- The James Webb Space Telescope will be able to examine planets outside our solar system in unprecedented detail.
- The launch of the James Webb Space Telescope will revolutionize our ability to learn about these far-flung places.
- One fascinating planetary system that James Webb will investigate is TRAPPIST-1 which is around 40 light-years away.
The James Webb Space Telescope
NASA will launch the most powerful telescope ever sent into orbit in December. The James Webb Space Telescope will be able to examine planets outside our solar system in unprecedented detail, including determining if their atmospheres indicate the presence of life as we know it.
Of course, the hunt for life beyond Earth is difficult, and this telescope will not provide conclusive evidence that aliens exist. However, some experts believe that this telescope may be able to detect indications of life on Earth-sized planets that have hitherto escaped careful inspection.
Searching for evidence of life was not part of the original job description for the James Webb Space Telescope, which was named after a previous NASA administrator.
Back then, no one had discovered any planets orbiting distant stars, and scientists were primarily interested in developing a telescope capable of capturing light from the universe’s initial galaxies.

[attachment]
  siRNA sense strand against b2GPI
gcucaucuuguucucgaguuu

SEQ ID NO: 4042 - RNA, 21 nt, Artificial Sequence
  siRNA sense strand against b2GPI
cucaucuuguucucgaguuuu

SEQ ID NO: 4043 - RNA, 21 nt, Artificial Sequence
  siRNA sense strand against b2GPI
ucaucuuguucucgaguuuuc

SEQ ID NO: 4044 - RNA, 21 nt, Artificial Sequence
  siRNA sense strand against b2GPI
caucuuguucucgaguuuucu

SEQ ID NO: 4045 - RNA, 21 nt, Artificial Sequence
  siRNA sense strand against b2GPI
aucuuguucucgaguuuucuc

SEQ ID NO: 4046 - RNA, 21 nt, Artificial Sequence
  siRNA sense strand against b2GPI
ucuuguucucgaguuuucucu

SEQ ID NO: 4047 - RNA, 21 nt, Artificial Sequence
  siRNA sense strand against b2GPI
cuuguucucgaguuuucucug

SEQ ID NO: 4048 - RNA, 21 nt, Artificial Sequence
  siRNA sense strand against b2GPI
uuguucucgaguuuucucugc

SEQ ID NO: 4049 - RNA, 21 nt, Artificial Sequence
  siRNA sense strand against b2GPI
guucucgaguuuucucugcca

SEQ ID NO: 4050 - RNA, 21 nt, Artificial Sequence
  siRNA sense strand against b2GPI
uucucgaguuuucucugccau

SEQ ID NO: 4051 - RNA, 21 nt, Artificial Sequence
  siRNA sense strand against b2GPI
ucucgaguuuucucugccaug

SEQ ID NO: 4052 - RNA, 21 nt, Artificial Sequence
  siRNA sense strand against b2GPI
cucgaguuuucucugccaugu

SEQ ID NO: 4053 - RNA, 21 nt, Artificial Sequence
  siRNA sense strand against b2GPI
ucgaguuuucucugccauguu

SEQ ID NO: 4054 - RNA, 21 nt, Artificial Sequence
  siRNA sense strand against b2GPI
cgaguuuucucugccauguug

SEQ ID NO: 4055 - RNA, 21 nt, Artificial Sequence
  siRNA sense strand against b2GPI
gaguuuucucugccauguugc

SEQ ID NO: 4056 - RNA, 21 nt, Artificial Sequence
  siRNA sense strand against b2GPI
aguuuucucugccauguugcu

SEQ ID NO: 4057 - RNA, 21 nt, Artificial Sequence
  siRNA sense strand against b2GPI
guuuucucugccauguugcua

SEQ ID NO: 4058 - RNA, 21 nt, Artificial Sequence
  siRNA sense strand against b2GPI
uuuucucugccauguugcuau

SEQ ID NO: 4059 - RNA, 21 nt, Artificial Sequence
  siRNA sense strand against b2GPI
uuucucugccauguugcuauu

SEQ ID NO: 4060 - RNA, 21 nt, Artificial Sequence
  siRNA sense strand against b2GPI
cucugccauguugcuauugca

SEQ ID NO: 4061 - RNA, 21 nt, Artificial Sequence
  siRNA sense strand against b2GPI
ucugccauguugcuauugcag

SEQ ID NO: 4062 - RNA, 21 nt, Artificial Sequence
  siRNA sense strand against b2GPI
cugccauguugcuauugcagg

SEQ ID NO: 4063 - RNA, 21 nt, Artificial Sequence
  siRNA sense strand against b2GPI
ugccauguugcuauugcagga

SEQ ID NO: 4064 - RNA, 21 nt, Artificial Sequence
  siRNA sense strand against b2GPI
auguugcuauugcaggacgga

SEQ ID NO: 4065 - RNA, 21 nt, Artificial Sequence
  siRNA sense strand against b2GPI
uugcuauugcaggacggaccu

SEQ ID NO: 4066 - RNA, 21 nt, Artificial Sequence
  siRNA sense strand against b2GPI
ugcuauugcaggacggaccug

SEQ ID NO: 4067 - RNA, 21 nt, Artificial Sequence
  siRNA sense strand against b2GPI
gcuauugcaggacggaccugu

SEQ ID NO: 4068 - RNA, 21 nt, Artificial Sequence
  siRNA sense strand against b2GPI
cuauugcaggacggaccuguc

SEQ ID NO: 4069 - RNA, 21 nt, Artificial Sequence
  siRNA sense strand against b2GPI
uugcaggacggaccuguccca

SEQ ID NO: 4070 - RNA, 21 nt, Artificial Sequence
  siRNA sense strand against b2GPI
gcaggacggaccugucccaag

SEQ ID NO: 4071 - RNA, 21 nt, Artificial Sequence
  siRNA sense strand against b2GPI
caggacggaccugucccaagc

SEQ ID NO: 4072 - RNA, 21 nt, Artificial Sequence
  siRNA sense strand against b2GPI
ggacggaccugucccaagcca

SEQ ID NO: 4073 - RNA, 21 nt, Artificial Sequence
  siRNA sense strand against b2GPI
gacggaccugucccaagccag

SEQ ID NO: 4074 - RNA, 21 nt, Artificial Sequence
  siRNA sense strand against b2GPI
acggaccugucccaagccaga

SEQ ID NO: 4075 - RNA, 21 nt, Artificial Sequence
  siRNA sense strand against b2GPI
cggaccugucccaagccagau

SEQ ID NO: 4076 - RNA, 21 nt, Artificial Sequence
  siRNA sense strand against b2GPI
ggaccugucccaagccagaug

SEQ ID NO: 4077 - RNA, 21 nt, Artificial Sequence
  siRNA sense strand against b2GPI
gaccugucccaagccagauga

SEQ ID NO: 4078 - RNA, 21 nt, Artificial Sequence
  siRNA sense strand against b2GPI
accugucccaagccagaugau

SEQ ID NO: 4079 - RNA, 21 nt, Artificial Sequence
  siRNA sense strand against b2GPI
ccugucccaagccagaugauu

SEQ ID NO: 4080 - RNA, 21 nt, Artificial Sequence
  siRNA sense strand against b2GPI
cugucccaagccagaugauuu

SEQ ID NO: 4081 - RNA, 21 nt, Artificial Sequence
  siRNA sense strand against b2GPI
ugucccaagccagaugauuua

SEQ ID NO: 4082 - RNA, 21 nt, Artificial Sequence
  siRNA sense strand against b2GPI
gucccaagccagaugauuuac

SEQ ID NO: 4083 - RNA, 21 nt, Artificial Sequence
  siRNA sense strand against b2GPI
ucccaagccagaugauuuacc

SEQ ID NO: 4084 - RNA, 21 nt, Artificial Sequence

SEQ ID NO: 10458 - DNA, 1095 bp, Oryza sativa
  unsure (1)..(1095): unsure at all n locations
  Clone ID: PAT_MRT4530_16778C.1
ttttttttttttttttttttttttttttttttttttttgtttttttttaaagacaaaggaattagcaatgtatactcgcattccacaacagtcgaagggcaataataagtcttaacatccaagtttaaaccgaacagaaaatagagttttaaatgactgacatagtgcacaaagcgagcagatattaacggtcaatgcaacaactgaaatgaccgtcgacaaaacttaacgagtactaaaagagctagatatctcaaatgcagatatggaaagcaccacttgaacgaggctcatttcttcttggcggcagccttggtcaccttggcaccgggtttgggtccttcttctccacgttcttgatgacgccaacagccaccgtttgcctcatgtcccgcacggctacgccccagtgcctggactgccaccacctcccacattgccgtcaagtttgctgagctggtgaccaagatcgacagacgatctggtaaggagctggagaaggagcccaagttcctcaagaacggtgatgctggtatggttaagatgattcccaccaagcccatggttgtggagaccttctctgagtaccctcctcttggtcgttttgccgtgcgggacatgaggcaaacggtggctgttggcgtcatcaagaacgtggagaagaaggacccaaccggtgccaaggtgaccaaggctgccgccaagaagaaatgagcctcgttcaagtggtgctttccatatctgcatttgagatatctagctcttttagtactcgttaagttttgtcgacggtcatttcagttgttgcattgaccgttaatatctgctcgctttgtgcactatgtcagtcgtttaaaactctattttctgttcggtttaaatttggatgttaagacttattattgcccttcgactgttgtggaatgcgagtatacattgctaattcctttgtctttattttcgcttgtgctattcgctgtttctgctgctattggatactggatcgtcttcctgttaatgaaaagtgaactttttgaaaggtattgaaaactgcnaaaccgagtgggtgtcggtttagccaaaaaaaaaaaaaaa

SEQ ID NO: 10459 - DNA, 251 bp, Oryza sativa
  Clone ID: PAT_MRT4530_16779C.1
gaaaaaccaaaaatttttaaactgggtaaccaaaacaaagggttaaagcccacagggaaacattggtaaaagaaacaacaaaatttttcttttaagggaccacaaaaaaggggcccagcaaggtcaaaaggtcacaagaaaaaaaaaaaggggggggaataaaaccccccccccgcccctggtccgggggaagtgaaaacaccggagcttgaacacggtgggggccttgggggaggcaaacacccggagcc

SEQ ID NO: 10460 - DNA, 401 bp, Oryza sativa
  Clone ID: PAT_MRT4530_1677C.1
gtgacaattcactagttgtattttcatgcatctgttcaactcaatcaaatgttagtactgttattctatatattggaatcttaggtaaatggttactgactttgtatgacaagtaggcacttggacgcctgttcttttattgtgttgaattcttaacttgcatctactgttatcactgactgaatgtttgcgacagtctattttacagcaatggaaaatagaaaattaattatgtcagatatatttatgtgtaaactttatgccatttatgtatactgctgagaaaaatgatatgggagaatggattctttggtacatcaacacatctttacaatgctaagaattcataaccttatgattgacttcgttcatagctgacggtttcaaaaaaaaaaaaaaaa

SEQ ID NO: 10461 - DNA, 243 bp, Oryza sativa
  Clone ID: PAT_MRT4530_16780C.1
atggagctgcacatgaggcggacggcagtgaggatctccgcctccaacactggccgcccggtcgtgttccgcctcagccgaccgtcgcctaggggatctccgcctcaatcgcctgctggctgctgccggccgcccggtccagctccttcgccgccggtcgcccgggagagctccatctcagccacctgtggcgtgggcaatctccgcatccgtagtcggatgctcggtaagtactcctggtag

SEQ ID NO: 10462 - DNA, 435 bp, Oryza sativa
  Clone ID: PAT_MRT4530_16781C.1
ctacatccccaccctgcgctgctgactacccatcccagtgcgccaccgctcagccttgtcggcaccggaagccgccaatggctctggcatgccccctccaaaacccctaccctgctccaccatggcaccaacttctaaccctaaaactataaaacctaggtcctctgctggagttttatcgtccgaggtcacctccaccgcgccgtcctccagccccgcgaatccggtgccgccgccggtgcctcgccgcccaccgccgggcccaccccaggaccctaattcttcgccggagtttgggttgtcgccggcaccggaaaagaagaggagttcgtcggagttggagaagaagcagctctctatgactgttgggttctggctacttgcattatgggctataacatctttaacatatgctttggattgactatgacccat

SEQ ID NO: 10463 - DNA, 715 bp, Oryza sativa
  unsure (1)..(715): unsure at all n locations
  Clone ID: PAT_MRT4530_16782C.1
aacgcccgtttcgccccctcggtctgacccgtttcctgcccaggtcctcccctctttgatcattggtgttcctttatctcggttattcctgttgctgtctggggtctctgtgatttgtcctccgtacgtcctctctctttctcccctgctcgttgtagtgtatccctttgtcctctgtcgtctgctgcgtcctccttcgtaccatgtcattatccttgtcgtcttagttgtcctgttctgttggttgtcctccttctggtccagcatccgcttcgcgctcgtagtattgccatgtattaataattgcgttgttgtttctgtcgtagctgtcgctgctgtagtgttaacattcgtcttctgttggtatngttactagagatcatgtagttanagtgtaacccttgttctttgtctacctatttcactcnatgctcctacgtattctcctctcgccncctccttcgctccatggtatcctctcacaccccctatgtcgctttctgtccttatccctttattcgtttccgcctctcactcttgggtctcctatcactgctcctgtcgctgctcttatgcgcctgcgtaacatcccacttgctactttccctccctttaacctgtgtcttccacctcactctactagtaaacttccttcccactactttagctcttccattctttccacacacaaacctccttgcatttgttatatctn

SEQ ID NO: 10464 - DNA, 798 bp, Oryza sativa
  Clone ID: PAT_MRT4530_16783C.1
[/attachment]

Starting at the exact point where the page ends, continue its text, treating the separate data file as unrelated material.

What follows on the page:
However, the construction of this $10 billion device proved to be so difficult and time-consuming that, in the interim, a whole new scientific discipline has emerged. That is the study of exoplanets or worlds outside our solar system. The next generation of astronomers is eager to make use of the capabilities of this telescope.
The launch of the James Webb Space Telescope will revolutionize our ability to learn about these far-flung places. So far, it’s been impossible to know what faraway planets are actually like, except for some basic statistics like their mass and distance from the star they circle.
This is due to the fact that scientists seldom see the planets themselves. Instead, planets are discovered indirectly by researchers. They may, for example, see how a planet’s gravity causes a star to wobble, or how a star dims because a planet has passed in front of it and obscured part of the star’s light.
Searching for ‘biosignatures’
The large light-collecting mirror on the telescope, which is 21 feet across, will capture enough light to allow scientists to examine the chemical make-up of tiny rocky planets’ atmospheres like never before.
This is significant because, if any of those planets have life as we know it, scientists would expect to find specific tell-tale combinations of various chemicals known as ‘biosignatures,’ such as oxygen plus methane.
“The James Webb Space Telescope does have the capability to measure those key biosignatures,” says Nikole Lewis, another astronomer at Cornell University who focuses on planets beyond our solar system. “It’s within scope for the James Webb Space Telescope to find hints of life on rocky planets.”
One fascinating planetary system that James Webb will investigate is around 40 light-years away. TRAPPIST-1, a tiny, cold star, is orbited by seven Earth-sized planets, three of which orbit in the zone where temperatures should be moderate enough to support liquid water.